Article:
Updated from Wednesday, Oct. 29
As expected, antitrust regulators at the Justice Department have approved the merger between
Delta Air Lines
(DAL - Get Report) and
Hours after receiving antitrust clearance, the airlines officially closed the merger.
The deal, announced in April, will create the largest airline in the world, surpassing
(AMR), the parent of American Airlines. The carrier will be based in Atlanta and retain the Delta name.
Currently, Delta is the second-largest carrier, while Northwest is fifth. "We're pleased the DOJ has decided not to challenge the Delta-Northwest merger," said Delta spokeswoman Betsy Talton.
Northwest, founded as a mail carrier in 1926, will disappear as a separate entity. Delta will acquire its shares in a deal valued at about $2.6 billion.
Observers had widely expected the merger to be approved. "After a thorough, six-month investigation, during which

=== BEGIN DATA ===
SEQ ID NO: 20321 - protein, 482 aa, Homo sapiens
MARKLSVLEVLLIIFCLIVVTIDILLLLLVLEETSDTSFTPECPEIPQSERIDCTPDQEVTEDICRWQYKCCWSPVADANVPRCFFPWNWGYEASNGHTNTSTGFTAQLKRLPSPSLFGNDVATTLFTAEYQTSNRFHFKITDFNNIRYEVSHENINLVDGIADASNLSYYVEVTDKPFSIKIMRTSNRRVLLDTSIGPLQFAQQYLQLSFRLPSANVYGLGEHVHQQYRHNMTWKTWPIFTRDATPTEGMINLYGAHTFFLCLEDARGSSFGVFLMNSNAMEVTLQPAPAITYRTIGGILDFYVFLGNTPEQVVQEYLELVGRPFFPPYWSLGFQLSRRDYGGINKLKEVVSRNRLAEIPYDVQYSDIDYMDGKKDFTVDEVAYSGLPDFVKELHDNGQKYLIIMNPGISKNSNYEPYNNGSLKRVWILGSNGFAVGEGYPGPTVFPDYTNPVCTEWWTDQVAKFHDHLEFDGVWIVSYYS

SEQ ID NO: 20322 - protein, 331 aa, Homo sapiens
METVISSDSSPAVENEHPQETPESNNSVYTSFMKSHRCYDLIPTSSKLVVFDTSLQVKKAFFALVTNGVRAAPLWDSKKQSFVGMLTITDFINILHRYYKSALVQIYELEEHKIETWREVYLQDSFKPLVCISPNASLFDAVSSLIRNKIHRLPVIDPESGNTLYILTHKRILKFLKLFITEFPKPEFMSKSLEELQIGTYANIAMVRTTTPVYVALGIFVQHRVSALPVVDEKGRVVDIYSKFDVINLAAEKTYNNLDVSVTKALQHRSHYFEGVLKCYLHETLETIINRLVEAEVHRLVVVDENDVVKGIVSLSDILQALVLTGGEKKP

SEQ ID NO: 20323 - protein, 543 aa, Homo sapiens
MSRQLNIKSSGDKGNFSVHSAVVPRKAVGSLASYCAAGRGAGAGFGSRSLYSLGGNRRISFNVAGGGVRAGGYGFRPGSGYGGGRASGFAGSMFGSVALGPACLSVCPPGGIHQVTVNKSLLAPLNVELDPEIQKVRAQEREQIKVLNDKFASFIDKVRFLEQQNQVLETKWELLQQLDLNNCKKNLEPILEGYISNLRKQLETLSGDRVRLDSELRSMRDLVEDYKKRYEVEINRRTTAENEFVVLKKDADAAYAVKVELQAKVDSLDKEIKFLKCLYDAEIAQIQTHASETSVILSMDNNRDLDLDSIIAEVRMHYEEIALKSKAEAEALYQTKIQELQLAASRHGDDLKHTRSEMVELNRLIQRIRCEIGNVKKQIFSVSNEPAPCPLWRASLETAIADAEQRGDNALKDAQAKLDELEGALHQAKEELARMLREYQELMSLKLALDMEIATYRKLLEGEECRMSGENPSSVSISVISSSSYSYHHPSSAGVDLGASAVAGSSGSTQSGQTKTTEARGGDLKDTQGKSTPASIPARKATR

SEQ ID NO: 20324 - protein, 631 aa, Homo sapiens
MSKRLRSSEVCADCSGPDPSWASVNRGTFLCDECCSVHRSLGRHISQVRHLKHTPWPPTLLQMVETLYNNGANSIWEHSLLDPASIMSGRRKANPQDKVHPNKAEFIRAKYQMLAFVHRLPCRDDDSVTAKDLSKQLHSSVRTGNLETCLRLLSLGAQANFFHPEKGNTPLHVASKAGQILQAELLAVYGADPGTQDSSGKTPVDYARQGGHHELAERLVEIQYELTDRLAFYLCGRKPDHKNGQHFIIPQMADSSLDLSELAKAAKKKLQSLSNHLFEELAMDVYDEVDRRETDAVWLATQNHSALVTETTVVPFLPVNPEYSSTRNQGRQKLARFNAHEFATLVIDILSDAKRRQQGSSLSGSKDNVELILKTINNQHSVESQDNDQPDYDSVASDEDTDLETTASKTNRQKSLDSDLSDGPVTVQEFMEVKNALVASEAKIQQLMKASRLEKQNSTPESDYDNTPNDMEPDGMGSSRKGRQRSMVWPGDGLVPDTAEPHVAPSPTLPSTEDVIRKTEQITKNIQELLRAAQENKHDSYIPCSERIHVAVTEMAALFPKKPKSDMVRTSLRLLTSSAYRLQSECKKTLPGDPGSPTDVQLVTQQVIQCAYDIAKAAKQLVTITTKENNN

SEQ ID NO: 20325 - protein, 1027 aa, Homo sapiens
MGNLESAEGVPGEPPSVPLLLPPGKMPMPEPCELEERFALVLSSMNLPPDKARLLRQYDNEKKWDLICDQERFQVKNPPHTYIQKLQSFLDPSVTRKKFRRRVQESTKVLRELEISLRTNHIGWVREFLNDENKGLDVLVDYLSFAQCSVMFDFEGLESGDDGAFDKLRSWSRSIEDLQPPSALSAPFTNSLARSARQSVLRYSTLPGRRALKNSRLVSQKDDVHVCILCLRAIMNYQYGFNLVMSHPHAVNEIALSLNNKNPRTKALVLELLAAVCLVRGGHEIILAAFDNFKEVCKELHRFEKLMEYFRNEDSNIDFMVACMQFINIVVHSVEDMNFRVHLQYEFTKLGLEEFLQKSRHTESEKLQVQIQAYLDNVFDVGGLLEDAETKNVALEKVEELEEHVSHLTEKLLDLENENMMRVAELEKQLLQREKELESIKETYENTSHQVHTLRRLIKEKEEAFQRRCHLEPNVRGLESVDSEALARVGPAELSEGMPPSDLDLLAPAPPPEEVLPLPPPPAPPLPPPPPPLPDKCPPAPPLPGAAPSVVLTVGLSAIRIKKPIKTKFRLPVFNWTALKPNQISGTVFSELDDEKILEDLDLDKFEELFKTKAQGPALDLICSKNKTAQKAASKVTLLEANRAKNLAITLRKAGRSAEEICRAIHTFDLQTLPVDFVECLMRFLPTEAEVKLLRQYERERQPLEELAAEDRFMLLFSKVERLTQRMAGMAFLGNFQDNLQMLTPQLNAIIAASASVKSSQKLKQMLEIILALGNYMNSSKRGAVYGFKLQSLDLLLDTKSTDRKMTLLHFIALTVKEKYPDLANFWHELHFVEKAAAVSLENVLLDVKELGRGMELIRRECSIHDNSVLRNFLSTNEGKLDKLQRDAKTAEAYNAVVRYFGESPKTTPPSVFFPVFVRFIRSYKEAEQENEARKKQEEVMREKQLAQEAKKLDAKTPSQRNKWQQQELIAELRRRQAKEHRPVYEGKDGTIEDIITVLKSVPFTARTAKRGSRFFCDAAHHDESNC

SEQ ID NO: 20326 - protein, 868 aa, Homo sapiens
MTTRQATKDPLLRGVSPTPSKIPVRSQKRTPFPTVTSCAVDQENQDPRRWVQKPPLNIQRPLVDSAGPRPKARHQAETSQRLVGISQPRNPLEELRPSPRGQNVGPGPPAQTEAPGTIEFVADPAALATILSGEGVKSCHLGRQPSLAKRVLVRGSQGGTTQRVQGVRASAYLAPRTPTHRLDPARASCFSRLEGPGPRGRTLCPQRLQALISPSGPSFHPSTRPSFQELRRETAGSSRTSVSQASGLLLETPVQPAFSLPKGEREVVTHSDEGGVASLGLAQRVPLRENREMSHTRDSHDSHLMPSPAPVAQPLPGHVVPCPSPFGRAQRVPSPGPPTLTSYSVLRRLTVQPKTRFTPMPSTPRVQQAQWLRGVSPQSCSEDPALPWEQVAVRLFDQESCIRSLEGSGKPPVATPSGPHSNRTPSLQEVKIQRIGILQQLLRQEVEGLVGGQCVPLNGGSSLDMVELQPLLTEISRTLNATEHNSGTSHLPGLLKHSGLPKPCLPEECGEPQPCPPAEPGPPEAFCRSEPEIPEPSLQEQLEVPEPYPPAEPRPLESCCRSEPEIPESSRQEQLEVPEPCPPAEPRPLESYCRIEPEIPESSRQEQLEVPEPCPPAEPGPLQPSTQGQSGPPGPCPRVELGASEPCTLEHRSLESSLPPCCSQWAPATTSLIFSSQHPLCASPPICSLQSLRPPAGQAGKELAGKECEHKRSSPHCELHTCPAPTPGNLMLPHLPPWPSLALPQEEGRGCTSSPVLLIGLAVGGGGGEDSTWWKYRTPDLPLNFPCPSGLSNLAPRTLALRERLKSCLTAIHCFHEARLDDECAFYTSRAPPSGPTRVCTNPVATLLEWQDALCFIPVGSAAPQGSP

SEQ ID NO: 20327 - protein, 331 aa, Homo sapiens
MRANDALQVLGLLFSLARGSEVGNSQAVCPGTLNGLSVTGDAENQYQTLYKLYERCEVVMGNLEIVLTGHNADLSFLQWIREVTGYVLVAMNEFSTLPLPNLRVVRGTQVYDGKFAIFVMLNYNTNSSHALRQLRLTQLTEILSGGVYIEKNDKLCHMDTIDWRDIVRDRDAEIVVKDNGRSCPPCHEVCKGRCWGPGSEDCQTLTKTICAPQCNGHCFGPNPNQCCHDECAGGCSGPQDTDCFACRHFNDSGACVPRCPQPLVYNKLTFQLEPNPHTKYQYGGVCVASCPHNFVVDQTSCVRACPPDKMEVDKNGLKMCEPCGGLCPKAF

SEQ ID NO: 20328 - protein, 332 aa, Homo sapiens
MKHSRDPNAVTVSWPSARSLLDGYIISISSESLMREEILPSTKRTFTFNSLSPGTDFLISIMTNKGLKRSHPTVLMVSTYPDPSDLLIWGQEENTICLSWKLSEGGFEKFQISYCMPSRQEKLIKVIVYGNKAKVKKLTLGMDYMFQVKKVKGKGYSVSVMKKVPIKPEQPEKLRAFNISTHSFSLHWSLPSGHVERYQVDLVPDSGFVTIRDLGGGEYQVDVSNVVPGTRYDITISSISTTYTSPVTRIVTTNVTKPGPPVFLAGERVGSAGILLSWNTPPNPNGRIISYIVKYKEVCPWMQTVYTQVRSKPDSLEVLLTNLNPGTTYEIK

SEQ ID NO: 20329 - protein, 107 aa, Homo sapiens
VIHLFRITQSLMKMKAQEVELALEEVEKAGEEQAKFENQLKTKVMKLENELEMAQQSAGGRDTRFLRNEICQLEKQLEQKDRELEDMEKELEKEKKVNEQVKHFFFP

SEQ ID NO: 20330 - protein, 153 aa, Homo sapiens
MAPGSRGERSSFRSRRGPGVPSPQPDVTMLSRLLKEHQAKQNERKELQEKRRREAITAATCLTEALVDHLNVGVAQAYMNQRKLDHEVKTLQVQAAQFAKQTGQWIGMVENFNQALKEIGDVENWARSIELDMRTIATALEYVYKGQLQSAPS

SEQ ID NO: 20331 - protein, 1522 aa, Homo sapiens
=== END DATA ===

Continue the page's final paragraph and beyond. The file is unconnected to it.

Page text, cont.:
obtained extensive information from a wide range of market participants -- including the companies, other airlines, corporate customers and travel agents -- the
Justice Department's antitrust division
has determined that the proposed merger between Delta and Northwest is likely to produce substantial and credible efficiencies that will benefit U.S. consumers and is not likely to substantially lessen competition," the division said in a prepared statement.
"The two airlines currently compete with a number of other legacy and low cost airlines in the provision of scheduled air passenger service on the vast majority of nonstop and connecting routes where they compete with each other," the regulators said.
The merger's principal opponents have been the International Association of Machinists, the largest airline union, and the Association of Flight Attendants. Both unions represent workers at Northwest, but not at Delta, and now face union elections that will determine whether workers want to maintain representation.